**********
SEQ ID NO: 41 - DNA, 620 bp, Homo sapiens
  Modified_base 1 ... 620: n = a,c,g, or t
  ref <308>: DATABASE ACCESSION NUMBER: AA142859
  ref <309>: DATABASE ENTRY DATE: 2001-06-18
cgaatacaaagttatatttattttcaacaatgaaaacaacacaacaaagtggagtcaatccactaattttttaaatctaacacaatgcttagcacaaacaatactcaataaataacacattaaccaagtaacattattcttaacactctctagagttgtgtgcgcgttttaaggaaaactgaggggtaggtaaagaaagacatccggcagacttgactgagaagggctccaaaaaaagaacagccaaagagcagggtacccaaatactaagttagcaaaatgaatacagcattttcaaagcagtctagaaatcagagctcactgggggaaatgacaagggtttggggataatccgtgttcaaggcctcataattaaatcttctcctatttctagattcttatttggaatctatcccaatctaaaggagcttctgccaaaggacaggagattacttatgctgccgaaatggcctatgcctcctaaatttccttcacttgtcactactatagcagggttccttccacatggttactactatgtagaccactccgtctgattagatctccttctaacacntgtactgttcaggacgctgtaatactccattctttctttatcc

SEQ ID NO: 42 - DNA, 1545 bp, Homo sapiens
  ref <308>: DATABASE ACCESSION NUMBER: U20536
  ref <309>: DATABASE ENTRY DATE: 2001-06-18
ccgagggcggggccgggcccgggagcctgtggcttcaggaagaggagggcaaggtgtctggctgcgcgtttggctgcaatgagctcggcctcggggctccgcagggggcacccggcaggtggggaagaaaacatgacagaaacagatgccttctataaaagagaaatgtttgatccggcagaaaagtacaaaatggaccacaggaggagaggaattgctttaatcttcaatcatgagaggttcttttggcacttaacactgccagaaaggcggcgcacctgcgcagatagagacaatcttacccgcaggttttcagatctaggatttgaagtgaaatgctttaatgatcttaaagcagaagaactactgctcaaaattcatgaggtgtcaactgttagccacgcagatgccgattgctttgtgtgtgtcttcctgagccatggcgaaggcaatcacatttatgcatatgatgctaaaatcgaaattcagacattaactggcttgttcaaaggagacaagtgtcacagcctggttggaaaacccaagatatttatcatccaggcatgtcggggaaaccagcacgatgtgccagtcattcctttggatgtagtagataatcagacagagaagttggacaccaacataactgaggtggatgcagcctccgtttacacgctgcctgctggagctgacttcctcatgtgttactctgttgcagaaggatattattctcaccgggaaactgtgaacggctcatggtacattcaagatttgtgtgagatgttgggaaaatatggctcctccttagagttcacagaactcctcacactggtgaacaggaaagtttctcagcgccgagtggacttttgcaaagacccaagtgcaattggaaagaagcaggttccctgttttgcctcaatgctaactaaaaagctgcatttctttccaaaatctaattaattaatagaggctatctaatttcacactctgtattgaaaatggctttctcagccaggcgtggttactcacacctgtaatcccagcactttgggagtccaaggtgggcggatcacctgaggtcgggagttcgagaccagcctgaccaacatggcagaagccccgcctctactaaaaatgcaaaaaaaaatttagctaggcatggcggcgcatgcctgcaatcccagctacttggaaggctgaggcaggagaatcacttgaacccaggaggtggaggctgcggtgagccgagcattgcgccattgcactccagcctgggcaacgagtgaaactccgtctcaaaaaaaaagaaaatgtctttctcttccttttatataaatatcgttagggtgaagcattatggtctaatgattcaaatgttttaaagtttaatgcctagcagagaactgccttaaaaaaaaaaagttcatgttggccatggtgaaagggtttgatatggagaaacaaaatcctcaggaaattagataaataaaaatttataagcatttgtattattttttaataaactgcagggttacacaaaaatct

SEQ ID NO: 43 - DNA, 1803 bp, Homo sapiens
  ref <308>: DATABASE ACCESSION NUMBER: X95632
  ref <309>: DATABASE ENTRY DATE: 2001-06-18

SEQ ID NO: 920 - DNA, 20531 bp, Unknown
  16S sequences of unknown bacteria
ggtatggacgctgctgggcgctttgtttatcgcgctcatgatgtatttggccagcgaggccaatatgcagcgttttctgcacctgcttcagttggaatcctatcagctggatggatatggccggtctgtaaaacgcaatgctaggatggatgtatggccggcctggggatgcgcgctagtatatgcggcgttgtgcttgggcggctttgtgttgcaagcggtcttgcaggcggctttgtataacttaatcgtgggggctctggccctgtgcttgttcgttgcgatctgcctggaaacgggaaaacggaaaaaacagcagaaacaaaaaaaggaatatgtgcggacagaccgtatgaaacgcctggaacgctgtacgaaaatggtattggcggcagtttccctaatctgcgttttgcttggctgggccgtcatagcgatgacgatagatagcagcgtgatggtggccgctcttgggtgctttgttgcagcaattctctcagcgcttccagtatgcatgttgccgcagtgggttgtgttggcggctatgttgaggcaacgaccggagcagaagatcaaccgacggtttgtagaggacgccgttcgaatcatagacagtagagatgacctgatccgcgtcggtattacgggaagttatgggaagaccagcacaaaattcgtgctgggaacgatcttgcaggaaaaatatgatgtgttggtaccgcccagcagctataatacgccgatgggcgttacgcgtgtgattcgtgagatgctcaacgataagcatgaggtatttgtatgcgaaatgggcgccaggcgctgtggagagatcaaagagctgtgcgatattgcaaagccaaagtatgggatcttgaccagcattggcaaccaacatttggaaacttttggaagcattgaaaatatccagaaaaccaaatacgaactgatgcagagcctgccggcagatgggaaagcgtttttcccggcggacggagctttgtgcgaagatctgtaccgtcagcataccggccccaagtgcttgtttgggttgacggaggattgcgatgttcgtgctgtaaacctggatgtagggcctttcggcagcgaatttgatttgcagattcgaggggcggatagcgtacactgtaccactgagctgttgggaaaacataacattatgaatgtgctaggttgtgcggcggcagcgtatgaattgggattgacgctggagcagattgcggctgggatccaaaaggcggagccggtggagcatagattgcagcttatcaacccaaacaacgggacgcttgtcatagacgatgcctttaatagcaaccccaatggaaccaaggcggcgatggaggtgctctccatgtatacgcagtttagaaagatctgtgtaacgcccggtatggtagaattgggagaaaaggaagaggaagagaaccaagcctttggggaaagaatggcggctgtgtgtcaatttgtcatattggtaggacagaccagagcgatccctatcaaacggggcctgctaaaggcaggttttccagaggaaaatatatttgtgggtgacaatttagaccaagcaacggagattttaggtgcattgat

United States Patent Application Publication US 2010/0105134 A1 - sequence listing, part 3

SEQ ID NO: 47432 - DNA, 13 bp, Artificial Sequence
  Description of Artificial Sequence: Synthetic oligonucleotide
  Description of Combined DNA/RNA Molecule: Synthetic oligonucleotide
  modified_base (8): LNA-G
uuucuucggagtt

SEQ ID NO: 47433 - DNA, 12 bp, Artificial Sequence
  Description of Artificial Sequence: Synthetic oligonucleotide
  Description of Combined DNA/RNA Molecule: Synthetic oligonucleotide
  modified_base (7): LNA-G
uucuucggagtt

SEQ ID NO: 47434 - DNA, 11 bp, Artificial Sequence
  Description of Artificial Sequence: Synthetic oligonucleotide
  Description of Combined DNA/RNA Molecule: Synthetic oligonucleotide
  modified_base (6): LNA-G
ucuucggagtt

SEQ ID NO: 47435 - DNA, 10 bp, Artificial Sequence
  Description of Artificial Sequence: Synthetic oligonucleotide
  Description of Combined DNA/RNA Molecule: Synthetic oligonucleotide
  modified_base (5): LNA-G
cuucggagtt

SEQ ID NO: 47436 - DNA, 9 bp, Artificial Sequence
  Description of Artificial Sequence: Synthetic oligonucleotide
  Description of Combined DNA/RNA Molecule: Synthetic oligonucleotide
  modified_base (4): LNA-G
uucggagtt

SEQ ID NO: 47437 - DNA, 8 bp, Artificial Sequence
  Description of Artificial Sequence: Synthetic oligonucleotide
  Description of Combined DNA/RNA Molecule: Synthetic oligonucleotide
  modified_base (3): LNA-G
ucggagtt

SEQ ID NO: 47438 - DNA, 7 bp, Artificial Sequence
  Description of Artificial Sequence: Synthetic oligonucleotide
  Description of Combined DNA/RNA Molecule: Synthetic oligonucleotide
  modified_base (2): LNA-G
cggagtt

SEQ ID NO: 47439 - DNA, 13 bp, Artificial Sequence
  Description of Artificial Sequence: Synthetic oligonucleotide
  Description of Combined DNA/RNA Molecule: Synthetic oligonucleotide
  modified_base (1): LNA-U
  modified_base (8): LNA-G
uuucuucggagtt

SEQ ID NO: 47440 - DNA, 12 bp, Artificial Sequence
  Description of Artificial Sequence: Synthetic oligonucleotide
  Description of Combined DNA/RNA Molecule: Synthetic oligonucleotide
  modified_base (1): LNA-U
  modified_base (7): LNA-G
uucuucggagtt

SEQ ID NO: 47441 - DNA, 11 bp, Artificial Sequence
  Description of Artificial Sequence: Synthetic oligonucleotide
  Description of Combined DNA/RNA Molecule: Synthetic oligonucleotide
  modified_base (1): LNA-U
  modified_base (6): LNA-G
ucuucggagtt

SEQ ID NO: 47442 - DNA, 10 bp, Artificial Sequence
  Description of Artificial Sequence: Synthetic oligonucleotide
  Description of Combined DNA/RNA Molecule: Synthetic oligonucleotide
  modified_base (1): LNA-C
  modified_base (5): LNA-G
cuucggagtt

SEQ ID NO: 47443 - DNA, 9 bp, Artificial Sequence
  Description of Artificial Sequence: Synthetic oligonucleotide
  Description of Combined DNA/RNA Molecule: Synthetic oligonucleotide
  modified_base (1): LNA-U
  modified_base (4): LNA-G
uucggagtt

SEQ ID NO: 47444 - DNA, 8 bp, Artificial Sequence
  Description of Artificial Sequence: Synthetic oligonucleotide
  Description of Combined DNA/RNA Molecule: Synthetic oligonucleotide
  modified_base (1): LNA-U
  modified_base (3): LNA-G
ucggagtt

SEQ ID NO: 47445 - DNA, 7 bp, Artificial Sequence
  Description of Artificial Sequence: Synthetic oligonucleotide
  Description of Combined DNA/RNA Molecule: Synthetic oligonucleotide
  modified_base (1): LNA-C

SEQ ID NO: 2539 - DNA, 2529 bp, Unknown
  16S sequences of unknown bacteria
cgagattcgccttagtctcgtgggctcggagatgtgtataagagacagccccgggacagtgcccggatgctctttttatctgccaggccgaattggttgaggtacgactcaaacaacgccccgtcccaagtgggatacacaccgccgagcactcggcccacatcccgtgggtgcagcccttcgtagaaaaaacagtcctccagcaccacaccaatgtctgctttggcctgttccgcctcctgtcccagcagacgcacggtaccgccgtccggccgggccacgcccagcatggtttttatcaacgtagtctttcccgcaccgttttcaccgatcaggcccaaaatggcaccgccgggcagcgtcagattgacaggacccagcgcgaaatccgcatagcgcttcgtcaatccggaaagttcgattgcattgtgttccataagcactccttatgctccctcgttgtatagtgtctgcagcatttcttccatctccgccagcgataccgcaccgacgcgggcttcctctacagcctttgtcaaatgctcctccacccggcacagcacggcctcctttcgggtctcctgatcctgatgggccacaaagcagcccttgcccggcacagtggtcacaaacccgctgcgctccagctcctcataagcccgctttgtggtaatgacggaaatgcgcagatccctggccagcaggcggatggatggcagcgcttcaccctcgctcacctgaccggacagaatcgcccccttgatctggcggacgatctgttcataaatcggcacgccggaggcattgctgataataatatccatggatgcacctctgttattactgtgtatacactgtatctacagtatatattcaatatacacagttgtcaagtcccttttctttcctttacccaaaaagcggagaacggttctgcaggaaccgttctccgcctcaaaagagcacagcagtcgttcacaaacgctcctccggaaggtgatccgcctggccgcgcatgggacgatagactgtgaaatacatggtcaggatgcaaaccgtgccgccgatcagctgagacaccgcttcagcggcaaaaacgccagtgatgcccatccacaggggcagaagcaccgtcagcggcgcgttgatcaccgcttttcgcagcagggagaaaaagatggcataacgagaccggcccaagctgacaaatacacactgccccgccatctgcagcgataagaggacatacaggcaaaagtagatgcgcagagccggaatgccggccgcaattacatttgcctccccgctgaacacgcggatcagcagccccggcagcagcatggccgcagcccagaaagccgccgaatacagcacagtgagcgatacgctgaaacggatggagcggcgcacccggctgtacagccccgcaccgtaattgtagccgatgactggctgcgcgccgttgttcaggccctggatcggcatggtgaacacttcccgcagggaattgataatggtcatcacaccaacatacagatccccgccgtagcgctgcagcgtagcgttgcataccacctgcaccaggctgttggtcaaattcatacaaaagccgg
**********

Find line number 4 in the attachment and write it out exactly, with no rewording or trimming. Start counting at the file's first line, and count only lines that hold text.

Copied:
  ref <309>: DATABASE ENTRY DATE: 2001-06-18